Rorate Caeli

Rebellion in Flanders

The Dutch Catholic blog In caelo et in terra has the story:

The disobedient actions of priests in Austria (there most visibly, but similar feelings are also present among clergy in other countries), who call for married priests, ordination of women and lay people ‘celebrating’ the Eucharist (a sheer impossibility, equal to, say, having fish wait tables), has also spread to Belgium. From the Diocese of Bruges, to be exact. A manifest titled “Faithful have their say” (‘Gelovigen nemen het woord’) has by now been signed by several hundred people, among them 155 priests. (The number now stands at 211 - Pascal) The full text, along with the names of the priests who signed it, is available, in Dutch, here.

The full list of signatories (5,459 and counting, including 211 priests so far) is located here. The manifesto's signatories call themselves "Flemish believers" and claim to have come up with this manifesto "in solidarity with fellow believers in Austria, Ireland and other countries who also insist on reforms".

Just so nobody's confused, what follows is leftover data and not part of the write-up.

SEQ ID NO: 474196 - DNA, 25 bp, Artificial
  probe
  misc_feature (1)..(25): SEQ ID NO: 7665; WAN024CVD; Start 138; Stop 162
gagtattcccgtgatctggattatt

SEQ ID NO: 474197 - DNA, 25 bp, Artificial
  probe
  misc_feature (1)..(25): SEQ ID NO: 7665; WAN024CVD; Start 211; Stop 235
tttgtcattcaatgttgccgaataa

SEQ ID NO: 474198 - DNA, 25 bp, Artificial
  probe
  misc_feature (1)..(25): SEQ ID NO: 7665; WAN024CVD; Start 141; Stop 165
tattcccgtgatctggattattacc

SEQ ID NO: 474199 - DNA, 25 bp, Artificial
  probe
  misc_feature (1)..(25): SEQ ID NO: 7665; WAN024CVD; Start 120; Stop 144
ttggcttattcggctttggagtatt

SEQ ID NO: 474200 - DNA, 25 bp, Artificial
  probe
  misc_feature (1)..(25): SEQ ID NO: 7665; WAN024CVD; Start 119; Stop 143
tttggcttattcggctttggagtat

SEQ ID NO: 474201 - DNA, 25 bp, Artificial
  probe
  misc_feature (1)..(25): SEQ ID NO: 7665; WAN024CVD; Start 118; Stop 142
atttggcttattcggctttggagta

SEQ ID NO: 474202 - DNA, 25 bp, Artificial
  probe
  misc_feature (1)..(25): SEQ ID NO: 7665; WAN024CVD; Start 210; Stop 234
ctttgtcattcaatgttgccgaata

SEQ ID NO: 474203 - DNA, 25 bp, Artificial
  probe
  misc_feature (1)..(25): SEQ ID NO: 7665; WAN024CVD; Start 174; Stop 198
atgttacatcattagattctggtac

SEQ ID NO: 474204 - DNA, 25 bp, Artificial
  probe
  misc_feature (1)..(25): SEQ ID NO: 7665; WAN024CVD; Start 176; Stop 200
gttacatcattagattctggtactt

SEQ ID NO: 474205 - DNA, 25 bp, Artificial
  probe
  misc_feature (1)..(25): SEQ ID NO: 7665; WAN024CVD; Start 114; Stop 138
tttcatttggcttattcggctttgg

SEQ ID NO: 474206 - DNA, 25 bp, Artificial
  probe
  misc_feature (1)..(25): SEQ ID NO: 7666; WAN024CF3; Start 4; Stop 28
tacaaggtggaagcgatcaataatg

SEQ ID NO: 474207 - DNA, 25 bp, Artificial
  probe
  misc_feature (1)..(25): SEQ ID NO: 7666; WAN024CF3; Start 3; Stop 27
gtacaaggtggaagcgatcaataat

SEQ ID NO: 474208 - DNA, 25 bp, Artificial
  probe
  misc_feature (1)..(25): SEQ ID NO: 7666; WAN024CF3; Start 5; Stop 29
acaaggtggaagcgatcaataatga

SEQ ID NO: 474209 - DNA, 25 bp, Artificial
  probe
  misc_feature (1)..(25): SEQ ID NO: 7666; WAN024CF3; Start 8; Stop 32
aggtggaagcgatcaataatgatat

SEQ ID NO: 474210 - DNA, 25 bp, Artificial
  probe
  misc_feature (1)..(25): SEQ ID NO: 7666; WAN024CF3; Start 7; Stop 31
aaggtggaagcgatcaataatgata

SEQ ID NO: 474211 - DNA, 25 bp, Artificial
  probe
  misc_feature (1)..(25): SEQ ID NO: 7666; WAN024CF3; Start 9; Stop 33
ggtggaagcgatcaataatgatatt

The epicenter of this movement, the Diocese of Bruges, happens to be led by Bishop Jozef De Kesel.

The propositions of the Belgian manifesto are as follows:

1) We do not understand why the leadership of our local communities (such as parishes) is not entrusted to a man or woman, married or unmarried, professional or volunteer, who received the necessary formation.

2) We need dedicated shepherds. We do not understand why these fellow faithful cannot lead Sunday services.

3) In every living community we need liturgical leaders. We do not understand why – when there is no priest – a service of Word and Communion is not allowed.

4) We do not understand why skilled laypeople and formed religious educators can not preach. We need the Word of God.

5) We do not understand why faithful of good will who remarried after a divorce have to be denied Communion. They are equally part of the community.

6) We plead that, as soon as possible, both married men and woman are allowed to the priesthood. We, faithful, desperately need them.

Mark de Vries has a more thorough analysis of the propositions and what is behind these.